We believe that IMBT has the potential to revolutionise brachytherapy much in the way that use of multi-leaf collimators has revolutionised external beam radiotherapy.
What were the main challenges during the work?
On the mechanical side, one major challenge was designing a system that enabled the shield to be dynamically rotated at an angle. It was of utmost importance to maintain a clear path along which the high-dose-rate source would travel and to ensure that there was no binding of the source cable. Our current design enables the rotating shaft to rotate at an angle through use of a flexible joint that can transfer torque and maintain the angle that is defined by the tandem.
On the dose calculation side, we wanted to model the geometries exactly as they are in reality. To achieve this, our Monte Carlo research treatment planning system, RapidBrachyMCTPS,13,14 imports full computer-aided designs of the applicator and shield and enables the user to define the elemental composition of each component. Our Monte Carlo engine is based on a layered-mass geometry,15 which allows individual components to rotate and articulate while fully modelling the patient. This system enables the production of simulations of the dynamic dose delivery.
What are the most important findings of your study?
For patients with advanced parametrial involvement of the cancer, IMBT can offer similar dosimetry to that offered by hybrid interstitial implants but with no needle implantation. Needle-free IMBT naturally has the hotspot in the centre of the cervix, unlike hybrid interstitial implants, use of which has limitations because during needle loading, hotspots may occur outside the target. For patients with less advanced disease, use of IMBT can significantly increase tumour dose and reduce OAR dose compared with conventional intra-cavitary implants.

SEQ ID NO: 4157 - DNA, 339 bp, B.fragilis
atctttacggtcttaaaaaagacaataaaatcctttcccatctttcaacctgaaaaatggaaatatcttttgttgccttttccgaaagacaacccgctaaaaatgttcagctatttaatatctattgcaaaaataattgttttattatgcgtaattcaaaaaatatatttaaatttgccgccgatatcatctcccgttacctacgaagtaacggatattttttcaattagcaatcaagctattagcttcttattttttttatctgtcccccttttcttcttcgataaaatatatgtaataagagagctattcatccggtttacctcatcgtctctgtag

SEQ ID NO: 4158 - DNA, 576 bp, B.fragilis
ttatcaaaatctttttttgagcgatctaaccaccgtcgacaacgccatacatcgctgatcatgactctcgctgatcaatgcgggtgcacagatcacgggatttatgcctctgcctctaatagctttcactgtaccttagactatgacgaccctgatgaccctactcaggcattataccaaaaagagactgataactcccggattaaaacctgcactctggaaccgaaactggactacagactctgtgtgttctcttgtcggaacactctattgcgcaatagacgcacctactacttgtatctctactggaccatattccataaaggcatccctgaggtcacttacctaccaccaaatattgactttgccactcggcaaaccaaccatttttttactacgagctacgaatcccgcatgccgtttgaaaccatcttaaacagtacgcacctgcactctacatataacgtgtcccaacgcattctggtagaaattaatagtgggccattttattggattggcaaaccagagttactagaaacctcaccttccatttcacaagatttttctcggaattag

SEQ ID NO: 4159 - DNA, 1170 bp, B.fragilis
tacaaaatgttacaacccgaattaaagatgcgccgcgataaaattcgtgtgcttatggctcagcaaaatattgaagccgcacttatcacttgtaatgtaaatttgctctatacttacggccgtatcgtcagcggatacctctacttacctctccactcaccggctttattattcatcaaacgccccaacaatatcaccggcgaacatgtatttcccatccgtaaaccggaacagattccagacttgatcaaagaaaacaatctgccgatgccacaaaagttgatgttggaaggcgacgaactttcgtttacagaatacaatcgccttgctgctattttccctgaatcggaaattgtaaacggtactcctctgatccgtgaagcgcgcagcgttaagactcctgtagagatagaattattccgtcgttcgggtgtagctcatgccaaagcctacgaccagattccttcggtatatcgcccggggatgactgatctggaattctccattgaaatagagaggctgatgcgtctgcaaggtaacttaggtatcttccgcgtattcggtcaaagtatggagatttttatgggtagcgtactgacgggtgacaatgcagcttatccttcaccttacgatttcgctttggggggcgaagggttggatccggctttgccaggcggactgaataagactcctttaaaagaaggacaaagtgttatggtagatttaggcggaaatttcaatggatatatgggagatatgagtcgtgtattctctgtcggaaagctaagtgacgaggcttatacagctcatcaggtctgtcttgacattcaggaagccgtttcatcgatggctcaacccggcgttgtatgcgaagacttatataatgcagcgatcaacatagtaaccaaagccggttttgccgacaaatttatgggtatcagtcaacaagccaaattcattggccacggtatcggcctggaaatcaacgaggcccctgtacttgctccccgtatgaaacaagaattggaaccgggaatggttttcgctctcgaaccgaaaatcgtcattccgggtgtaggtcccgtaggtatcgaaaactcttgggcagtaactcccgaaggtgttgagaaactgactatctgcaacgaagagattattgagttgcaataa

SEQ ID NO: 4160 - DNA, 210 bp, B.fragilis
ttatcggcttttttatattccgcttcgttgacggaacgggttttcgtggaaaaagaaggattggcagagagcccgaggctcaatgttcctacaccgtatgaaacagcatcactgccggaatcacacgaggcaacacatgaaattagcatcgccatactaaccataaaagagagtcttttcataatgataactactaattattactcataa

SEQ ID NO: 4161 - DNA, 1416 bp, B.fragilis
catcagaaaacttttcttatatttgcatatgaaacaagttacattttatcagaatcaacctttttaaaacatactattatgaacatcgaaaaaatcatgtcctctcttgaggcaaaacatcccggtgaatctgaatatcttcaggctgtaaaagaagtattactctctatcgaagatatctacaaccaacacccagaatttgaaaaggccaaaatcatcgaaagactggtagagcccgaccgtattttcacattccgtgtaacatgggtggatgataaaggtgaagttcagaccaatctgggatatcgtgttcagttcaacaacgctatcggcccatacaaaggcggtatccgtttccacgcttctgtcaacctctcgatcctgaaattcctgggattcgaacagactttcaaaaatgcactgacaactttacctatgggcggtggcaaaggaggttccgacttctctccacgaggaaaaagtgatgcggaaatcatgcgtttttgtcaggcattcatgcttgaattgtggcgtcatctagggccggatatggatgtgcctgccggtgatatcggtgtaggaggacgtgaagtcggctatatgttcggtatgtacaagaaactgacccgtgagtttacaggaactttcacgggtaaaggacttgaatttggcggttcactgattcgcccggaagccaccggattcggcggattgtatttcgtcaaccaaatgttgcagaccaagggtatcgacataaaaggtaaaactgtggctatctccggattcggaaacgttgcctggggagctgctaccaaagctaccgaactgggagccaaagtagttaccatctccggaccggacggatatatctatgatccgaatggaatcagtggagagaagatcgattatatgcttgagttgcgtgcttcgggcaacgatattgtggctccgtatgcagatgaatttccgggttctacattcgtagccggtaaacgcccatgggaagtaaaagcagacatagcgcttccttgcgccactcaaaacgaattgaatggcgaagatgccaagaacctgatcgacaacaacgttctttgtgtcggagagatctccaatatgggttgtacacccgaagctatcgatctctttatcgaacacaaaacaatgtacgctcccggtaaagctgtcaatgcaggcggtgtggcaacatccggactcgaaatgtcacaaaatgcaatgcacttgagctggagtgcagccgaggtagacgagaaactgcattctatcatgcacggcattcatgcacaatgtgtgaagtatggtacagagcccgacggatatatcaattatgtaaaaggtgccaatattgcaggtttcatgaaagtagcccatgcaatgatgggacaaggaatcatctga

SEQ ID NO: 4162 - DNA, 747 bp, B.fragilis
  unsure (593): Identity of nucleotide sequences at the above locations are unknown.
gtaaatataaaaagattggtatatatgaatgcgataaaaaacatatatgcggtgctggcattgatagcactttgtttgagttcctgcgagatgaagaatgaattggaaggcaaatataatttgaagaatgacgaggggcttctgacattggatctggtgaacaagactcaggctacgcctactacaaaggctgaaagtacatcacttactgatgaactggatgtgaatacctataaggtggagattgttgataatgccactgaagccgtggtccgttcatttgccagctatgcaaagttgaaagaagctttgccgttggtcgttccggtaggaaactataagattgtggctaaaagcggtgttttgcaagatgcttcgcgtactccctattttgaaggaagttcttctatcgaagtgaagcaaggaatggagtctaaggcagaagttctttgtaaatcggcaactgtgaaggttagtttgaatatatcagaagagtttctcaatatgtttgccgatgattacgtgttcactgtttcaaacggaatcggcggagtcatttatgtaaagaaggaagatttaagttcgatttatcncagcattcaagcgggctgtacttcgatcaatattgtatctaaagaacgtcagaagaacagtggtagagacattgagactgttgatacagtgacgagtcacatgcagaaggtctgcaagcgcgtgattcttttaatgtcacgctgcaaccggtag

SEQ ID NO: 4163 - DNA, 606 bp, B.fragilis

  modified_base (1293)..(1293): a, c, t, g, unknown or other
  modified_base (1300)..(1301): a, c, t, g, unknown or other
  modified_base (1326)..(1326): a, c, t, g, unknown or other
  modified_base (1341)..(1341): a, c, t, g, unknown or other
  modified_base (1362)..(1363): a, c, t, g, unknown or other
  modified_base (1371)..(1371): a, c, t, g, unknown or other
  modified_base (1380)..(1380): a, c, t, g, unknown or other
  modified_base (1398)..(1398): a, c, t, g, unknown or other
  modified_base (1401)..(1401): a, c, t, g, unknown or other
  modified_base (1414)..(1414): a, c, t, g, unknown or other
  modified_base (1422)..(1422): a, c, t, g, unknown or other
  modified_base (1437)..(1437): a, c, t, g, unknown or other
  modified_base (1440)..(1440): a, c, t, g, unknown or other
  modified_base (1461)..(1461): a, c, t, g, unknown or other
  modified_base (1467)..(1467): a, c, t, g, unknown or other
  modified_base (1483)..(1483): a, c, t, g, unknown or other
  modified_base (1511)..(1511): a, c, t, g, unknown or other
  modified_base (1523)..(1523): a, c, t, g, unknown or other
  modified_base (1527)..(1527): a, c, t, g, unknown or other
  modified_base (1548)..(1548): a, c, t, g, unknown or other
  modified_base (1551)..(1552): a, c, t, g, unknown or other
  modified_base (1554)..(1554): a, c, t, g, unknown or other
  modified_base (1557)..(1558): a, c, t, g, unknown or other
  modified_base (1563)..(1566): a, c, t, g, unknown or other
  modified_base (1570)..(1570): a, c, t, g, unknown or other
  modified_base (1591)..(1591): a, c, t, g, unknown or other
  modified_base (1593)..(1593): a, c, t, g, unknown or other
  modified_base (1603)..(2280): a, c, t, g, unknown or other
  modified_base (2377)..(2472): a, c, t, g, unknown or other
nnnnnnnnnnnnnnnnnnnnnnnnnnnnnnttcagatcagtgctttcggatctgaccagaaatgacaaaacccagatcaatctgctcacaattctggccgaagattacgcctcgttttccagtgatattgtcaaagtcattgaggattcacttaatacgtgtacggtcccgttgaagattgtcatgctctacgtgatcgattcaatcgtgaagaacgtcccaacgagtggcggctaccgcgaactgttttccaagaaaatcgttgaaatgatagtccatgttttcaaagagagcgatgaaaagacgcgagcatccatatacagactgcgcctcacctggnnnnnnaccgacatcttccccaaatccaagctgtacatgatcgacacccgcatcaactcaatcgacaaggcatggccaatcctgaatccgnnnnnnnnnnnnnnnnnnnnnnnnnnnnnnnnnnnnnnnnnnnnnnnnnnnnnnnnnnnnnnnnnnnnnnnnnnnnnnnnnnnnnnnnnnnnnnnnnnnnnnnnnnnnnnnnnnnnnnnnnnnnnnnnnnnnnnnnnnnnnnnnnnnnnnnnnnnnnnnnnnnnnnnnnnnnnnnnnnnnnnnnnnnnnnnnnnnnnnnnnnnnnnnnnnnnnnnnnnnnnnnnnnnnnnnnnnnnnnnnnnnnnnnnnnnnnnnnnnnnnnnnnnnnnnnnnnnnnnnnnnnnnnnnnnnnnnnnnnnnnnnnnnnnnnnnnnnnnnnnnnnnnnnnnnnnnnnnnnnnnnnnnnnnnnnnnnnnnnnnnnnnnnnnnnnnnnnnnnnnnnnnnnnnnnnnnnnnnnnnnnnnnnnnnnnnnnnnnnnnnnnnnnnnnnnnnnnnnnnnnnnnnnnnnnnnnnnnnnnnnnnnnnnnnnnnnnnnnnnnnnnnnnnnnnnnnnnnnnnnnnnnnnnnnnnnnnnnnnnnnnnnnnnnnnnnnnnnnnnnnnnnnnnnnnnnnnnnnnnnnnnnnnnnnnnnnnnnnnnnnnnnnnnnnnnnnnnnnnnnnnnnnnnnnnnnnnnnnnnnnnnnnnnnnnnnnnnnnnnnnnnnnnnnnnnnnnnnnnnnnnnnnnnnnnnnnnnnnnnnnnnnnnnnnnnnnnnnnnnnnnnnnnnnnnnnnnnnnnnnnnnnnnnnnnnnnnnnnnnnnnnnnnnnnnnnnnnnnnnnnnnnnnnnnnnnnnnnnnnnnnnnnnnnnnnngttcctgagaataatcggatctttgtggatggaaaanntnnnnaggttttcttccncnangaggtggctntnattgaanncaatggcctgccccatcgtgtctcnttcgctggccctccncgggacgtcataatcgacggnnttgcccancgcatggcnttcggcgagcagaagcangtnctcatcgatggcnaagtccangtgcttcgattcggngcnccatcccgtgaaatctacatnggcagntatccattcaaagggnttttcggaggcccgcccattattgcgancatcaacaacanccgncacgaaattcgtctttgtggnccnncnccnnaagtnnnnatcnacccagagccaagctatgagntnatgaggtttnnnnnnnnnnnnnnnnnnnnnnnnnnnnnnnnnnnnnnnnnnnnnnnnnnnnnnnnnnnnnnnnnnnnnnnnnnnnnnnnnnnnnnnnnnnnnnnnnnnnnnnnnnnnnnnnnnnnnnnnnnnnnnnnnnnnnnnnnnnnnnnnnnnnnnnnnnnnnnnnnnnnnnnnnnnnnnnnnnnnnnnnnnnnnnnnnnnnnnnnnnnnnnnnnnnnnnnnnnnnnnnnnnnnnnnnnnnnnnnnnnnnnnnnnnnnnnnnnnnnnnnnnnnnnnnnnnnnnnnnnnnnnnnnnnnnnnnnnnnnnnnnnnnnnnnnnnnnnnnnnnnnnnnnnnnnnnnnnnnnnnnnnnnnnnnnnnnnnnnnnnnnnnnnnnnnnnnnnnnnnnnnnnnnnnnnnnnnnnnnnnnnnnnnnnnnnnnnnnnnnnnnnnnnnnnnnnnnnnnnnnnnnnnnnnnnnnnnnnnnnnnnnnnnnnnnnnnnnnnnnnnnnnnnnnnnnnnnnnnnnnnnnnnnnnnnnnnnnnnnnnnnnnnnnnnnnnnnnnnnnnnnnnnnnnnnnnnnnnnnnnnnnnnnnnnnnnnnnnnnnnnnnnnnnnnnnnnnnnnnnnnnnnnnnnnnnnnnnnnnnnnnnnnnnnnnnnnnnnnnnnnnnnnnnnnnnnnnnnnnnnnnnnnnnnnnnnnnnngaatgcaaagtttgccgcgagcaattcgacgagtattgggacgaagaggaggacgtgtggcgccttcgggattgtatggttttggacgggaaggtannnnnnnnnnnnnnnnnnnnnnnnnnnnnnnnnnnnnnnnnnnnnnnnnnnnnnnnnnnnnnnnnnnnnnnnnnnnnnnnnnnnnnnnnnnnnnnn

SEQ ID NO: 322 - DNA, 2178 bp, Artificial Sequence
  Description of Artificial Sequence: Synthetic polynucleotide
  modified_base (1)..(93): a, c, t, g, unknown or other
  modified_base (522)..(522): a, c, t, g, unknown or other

What are the implications of this research?
IMBT is a promising modality that may help to revitalise use of brachytherapy. It has the potential to improve further the therapeutic ratio that is provided by image-guided brachytherapy. The dose distributions that are obtained through use of complex interstitial implants, which are often only used at large centres of excellence, may soon be available to many patients without implantation of a single needle.
Department of Radiation Oncology &
Molecular Radiation Sciences
Johns Hopkins University, Baltimore, USA
Medical Physics Unit
1. Cho LP, Manuel M, Catalano P, et al. Outcomes with volume-based dose specification in CT-planned high-dose-rate brachytherapy for stage I-II cervical carcinoma: A 10-year institutional experience. Gynecol Oncol. 2016;143(3):545-551. doi:10.1016/J.YGYNO.2016.09.017
2. Kang H-C, Shin KH, Park S-Y, Kim J-Y. 3D CT-based high-dose-rate brachytherapy for cervical cancer: Clinical impact on late rectal bleeding and local control. Radiother Oncol. 2010;97(3):507-513. doi:10.1016/J.RADONC.2010.10.002